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MJ's doctor charged with manslaughter

Source : COLUMNS
Last Updated: Tue, Feb 09, 2010 12:35 hrs

Michael Jackson's personal physician Conrad Murray has been charged with "unlawfully, and without malice", killing the pop star last summer.

Murray turned himself in shortly before 4 pm. Monday at a branch courthouse near Los Angeles International Airport. He pleaded not guilty during a brief hearing before Judge Keith L Schwartz.

The judge set bail at $75,000, despite arguments from prosecutor David Walgren that Murray is a flight risk. He also refused to suspend Murray's medical licence as a term of his bond, but he did order him not to use any anaesthesia on patients. "I don't want you sedating people," Schwartz told Murray, according to CNN.

Michael Jackson's family, including his parents, three of his brothers and one sister, filled the first two rows of the small courtroom.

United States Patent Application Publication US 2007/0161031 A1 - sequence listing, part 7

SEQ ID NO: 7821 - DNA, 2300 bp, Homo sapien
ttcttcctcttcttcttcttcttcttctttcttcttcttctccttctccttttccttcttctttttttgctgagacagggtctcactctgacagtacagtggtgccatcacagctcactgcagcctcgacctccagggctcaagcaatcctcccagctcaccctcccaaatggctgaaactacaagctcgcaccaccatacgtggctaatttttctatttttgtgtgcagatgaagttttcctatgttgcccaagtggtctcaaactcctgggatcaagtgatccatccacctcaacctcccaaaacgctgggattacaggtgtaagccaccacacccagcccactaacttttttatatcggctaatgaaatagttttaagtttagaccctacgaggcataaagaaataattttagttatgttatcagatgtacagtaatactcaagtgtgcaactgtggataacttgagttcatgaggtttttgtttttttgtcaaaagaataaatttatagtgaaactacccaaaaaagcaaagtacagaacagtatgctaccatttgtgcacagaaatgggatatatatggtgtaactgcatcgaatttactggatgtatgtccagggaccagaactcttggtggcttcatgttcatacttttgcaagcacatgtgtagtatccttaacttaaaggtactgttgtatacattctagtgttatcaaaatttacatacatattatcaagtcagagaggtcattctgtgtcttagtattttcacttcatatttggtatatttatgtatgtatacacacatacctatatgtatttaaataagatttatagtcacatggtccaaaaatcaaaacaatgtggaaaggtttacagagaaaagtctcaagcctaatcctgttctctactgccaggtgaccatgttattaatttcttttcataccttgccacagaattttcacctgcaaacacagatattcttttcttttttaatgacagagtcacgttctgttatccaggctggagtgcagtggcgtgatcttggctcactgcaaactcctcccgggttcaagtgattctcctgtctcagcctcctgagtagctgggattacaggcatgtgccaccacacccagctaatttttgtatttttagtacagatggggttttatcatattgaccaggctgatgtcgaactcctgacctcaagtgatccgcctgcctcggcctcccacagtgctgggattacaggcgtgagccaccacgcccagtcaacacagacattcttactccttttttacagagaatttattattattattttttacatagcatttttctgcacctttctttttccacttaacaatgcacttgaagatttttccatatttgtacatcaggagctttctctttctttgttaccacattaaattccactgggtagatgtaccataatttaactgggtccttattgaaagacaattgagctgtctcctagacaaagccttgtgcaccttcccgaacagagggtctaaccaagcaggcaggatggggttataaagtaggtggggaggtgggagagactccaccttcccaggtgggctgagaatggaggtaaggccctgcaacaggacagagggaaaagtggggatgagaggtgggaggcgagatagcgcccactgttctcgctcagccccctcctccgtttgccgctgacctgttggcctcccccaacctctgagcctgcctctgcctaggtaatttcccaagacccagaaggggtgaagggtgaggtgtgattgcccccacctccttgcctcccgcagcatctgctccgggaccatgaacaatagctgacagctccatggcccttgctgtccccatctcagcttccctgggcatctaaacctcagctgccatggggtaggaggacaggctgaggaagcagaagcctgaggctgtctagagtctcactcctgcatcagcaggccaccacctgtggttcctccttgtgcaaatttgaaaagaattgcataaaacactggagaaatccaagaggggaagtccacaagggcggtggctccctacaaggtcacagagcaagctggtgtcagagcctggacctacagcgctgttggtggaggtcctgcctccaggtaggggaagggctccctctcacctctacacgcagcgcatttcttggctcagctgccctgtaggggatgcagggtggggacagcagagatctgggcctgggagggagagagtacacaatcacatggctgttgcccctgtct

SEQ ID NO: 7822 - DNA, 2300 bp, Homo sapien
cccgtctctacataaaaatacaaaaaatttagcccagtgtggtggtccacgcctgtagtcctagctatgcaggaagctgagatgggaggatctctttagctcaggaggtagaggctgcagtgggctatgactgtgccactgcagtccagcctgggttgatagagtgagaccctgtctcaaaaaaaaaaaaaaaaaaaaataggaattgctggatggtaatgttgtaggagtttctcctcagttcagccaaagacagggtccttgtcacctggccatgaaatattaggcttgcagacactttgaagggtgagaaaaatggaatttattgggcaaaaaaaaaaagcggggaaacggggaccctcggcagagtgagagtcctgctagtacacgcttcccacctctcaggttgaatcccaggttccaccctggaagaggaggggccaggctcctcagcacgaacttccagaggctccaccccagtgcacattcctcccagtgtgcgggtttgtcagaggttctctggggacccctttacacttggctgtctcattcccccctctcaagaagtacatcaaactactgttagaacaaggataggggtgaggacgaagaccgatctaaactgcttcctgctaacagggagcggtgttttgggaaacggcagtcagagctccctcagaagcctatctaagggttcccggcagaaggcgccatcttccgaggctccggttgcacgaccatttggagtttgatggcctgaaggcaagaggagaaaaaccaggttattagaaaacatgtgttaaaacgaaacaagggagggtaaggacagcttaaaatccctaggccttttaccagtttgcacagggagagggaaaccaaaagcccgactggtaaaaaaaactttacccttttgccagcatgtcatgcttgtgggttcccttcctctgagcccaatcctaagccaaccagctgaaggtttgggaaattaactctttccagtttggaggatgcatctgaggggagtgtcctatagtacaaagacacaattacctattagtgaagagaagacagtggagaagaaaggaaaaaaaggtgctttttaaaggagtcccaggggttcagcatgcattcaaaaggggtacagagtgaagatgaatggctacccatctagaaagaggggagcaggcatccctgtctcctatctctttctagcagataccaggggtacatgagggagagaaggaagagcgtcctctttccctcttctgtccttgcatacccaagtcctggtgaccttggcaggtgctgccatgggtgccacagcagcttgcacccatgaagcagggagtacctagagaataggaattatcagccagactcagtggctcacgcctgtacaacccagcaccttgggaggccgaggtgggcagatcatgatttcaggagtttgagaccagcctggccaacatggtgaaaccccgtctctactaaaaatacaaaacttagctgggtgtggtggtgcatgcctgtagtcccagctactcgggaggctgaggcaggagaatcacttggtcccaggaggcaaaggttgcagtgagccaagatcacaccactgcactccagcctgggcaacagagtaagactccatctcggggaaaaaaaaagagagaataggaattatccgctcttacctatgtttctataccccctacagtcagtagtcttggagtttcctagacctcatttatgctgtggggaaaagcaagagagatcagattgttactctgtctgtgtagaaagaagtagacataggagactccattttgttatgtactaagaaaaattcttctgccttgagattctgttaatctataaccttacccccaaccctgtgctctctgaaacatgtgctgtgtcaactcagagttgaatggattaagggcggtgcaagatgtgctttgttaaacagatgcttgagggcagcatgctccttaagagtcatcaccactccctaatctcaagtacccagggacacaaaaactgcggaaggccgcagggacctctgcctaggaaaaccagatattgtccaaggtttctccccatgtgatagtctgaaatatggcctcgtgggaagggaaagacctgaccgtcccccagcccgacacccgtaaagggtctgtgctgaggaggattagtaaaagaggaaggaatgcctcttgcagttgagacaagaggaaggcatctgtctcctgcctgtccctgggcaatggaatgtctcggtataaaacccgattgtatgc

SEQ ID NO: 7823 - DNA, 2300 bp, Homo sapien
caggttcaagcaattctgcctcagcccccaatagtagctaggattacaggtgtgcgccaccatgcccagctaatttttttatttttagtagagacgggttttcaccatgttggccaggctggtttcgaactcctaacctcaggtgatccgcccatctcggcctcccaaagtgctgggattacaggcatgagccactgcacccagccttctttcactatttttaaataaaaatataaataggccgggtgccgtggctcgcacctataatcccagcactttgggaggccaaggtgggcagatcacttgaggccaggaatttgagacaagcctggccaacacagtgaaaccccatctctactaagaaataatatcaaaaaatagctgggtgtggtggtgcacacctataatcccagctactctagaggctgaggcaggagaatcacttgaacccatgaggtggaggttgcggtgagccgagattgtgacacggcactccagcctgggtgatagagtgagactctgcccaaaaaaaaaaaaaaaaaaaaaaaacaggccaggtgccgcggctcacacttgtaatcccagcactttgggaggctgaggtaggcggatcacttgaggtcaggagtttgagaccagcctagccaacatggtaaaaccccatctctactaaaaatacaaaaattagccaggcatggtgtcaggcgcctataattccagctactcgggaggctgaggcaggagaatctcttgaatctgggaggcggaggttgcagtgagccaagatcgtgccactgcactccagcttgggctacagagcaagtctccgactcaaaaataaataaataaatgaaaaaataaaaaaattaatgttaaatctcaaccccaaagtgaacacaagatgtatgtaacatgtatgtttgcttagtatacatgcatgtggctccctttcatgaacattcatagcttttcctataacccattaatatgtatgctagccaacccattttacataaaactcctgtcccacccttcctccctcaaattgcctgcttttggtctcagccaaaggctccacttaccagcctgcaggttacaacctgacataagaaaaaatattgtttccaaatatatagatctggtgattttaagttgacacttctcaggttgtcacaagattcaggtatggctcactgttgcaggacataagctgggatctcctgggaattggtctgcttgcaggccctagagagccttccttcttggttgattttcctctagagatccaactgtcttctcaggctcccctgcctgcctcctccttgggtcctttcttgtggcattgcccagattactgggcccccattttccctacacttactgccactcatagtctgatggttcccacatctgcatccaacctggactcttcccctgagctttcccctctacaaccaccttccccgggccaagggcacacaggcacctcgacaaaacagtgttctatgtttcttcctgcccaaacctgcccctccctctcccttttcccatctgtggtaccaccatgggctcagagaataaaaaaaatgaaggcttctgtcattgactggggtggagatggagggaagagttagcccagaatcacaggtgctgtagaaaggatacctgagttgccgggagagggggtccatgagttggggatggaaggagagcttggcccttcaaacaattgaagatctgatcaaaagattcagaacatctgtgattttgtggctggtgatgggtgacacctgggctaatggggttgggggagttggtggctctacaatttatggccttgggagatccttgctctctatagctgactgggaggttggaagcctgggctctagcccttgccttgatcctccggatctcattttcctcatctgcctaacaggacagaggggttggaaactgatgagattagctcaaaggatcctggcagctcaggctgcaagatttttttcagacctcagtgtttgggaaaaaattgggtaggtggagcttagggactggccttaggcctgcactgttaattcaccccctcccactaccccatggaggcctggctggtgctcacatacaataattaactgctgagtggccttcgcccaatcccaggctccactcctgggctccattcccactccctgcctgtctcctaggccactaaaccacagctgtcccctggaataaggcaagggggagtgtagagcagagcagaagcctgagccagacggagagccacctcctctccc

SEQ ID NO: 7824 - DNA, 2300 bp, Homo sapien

The involuntary manslaughter charge means that Murray caused Jackson's death by acting "without due caution and circumspection". If convicted, Murray would face a maximum four-year prison sentence, according to prosecutors.

Murray, a cardiologist, was hired as Jackson's personal physician last spring as the singer prepared for comeback concerts in London.

The doctor told Los Angeles police that he was with Jackson at his $100,000-a-month rented Holmby Hills mansion through the early morning hours of June 25, 2009, in an effort to help the pop star fall asleep, according to a police affidavit.

He administered sleep aids, and after Jackson finally began sleeping in the late morning hours, Murray said, he left the bedroom for "about two minutes maximum", the affidavit says. "Upon his return, Murray noticed that Jackson was no longer breathing," it says.

The doctor stayed with Jackson as an ambulance rushed him to UCLA Medical Centre. Efforts at CPR proved fruitless, and Jackson was pronounced dead at 2.26 pm. The Los Angeles County coroner ruled Jackson's death a homicide, resulting from a combination of drugs, primarily Propofol and Lorazepam.

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